Additional Sidelights on Belfast History

THE BUILDING OF BELFAST CASTLE.

When Sir Arthur Chichester, the younger son of Sir John Chichester of Rawlry, near Barnstable, Devonshire, was granted by Patent of James I, 8th November, 1603, "the Castle of Bealfaste, or Belfast, with the Appurtenants and Hereditaments, Spiritual and Temporal, situate in the Lower Clandeboye", he did not fully realise the value of the property thus granted. In a letter to R Cecil, 1st Earl of Salisbury, he says :--

"When I have it at best perfection I will gladly sell the whole landes for the wch others sell, five pounds in fee simple in these partes of the Kyngdome."
1st February, 1603-4.

He was appointed Lord Deputy of Ireland in the following year, at a salary of £1,000 per annum, together with £500 for an outfit and some fees attaching to his office. But on the death of the preceding Lord Deputy, Charles Blount, 5th Baron Mountjoy and Earl of Devonshire, Sir Arthur wrote to Cecil, 25th April, 1606, asking to be transferred to "some meaner office" giving as his reason that his "fortunes are poor, not having a foot of land or inheritance, but such as his Majesty gave him in the North, of which he makes small benefit, and his expenses last year greatly exceeded his income." Even three years after he had become the proprietor of the lands upon which that part of the City of Belfast, situated in the County of Antrim, now stands, he apparently failed to realise the potential value of his acquisitions. In the development of that property, however, he was retarded by the onerous and exacting duties attaching to his high office, and it was not until after 1610 that the project of building a new Castle upon "the Ruynes of the decayed Castle" was carried to completion. The manuscript Report of the Plantation Commissioners is in Lambeth Palace Library (cod. 630, fol. 144).

Plantation Report

The Report, undated, but supposed to be about 1611, bears the following signatures :-- Arthur Chichester (Sir Arthur Chichester, Lord Deputy of Ireland: created Baron of Belfast, Patent, 23rd February, 1612); G. Carew (George Carew, created Baron Carew of Clopton, in the County of Warwick, 4th May, 1605); Th: Ridgeway (Thomas Ridgeway, created Earl of Londonderry, 1619) ; R. Wingfelde (Sir Richard Wingfelde or Wingfield, created Viscount Powerscourt by Privy Seal, 1st February, 1619; Patent, 19th February, 1619); Ol: Lambarte (Sir Oliver Lambart, created Baron Lambart of Cavan, 1617).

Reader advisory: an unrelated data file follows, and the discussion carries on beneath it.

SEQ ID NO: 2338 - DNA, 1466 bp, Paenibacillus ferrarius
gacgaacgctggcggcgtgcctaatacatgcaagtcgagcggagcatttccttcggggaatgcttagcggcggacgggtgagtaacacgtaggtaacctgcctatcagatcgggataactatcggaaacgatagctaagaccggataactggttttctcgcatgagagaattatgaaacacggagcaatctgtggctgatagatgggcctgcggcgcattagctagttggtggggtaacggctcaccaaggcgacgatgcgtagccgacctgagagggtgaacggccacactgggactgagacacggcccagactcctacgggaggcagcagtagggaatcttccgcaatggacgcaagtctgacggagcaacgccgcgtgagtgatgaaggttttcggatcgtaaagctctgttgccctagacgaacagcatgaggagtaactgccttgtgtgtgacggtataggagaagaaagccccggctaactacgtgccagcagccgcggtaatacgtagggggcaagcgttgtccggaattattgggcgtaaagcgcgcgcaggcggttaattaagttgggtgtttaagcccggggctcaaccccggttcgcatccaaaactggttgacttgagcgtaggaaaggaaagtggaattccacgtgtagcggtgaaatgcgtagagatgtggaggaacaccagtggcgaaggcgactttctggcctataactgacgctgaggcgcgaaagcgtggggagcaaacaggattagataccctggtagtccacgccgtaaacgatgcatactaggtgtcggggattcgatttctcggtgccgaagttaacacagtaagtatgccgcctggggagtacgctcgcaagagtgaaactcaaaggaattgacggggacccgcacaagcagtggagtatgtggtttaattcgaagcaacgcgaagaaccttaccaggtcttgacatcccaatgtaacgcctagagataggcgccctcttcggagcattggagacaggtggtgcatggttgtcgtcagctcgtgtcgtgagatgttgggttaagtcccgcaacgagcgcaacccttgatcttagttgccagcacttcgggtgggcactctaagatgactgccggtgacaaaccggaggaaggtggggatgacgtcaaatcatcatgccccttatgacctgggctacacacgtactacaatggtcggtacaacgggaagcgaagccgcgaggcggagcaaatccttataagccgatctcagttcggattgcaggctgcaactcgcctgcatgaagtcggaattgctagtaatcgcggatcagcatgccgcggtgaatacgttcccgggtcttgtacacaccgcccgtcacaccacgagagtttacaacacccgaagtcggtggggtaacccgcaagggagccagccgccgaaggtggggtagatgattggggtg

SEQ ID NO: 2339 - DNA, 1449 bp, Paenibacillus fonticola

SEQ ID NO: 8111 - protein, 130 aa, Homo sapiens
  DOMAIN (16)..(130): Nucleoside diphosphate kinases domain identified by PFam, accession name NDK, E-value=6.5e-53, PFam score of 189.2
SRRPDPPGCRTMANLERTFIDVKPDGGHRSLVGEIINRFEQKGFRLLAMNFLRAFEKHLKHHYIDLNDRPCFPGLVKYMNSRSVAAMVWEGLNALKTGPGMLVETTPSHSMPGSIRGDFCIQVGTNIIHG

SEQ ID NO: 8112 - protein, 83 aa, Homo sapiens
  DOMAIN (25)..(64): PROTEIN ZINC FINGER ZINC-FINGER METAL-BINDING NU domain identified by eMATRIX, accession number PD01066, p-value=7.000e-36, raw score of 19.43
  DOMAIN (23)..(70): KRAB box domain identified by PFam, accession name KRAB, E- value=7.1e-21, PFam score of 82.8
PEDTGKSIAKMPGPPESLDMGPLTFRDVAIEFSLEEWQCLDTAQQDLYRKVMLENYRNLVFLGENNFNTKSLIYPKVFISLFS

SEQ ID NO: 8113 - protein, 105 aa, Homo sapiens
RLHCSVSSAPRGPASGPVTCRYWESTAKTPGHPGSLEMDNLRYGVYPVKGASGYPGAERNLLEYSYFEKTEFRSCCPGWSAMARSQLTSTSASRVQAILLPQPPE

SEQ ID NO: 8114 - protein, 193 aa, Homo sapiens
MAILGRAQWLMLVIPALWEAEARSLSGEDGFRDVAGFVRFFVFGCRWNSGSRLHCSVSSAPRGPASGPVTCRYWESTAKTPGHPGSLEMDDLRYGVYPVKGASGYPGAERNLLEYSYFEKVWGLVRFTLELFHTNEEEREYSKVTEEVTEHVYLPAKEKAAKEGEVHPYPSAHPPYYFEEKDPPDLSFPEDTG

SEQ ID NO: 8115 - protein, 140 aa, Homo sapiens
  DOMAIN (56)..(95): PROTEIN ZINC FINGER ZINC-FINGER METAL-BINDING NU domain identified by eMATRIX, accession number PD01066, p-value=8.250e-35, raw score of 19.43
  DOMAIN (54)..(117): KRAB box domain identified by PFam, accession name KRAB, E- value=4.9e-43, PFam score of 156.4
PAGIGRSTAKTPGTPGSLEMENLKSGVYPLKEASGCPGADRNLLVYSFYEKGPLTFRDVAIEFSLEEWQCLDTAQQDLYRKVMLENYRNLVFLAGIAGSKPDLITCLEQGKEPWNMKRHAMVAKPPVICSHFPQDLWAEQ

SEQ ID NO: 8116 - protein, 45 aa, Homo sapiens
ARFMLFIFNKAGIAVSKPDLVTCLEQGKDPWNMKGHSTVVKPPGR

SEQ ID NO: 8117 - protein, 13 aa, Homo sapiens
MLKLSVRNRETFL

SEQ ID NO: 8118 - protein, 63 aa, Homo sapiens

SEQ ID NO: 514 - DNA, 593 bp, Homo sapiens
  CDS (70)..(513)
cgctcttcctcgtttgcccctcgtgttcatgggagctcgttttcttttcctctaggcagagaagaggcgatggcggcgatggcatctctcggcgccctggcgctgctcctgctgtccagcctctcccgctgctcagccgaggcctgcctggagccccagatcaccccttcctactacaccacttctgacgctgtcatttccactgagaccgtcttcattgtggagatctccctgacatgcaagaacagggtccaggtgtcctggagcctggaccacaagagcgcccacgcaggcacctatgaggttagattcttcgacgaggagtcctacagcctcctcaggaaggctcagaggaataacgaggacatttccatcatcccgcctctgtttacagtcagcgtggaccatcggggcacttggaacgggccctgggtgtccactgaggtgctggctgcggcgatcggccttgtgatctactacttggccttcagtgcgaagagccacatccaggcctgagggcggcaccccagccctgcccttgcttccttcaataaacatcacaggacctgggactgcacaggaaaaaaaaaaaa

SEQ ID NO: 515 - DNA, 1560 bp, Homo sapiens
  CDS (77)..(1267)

The portion of the Report, appearing in Benn's History, pages 86-87, as taken from the Pinkerton MSS., is so erroneous that I reproduce a copy of the original, as checked by the Assistant Librarian Lambeth Palace Library, Miss I. J. Churchill, D.PhiL, in my presence.

"We came to Bealfast where we founde many Masons, bricklayers, and other laborers aworke who had taken downe the Ruynes of the decayed Castle there almost to the valte of the sellers, and had likewise layde the foundation of a bricke house 50 foote longe which is to be adionyed to the said Castle by no stayrecase of bricke well is to be 14 foote square.

"The house to be made 20 foote wyde, and 2 storys and a halfe high. The Castle is to be builte two stories above the sellers, all the Roomes therof to be valted, and platformes to be made therupon. The stayrcase is to be made 10 foote higher than the Castle, about which Castle and house there is a stronge bawne almost finished which is flankerd with foure halfe Bulworkes. The foundacion of the wall and bulworkes to the height of the watertable is made with stoane, and the rest, being in all 12 foote high above the grounde, is made with bricke, the Bawne is to be compased about wth a lardge and deepe ditch or moate wch will always stand full of water.

"The Castle will defend the passage over the foorde at Bealefast betweene the upper and lower Clandeboye, and likewise the bridge over the Ryver of Owynvarra between Malon and Bealfast. This worke is in so good forwardnes that it is like to be finished by the mydle of the next Somer.

"The Towne of Bealfast is plotted out in a good forme, wherin are many famelyes of English, Scotish, and some Manksmen already inhabitinge, of which some are artificers who have buylte good tymber houses wth Chimneyes after the fashion of the English palle, and one Inn wth very good Lodginges wch is a great Comforte to the travellers in those partes.

"Neere wch Towne the sd Sr Althur Chichester hath ready made above twelve hundred thowsand of good brickes, wherof after finishinge of the said Castle, house, and Bawne, there wilbe a good proportion left for the buyldinge of other tenemtes within the said Towne.

"Not farr from Bealfast the said Sr Arthure Chichester hath impalled a parke of three myle Compasse where he intendes to buyld a house of Lyme and stone, but a tymber house wth chimneys is already buylte therin, which is Compassed about with a Rampier of earth and soddes and a deepe ditch standinge full of water in wch house there nowe dwelleth one Liutent [Lieutenant] Lowsley with his famelie.

"A little from thence is a large house wth Chimneys buylte by Humfrey Norton Liuetent [Lieutenant] of the Lo: Deputies foote Companie wch house is well intrenched, rampierd, and fenced with a stronge palisado of tymber, wch house with a good proportion of Lande the said Norton houldeth by lease from his Lop [Lordship].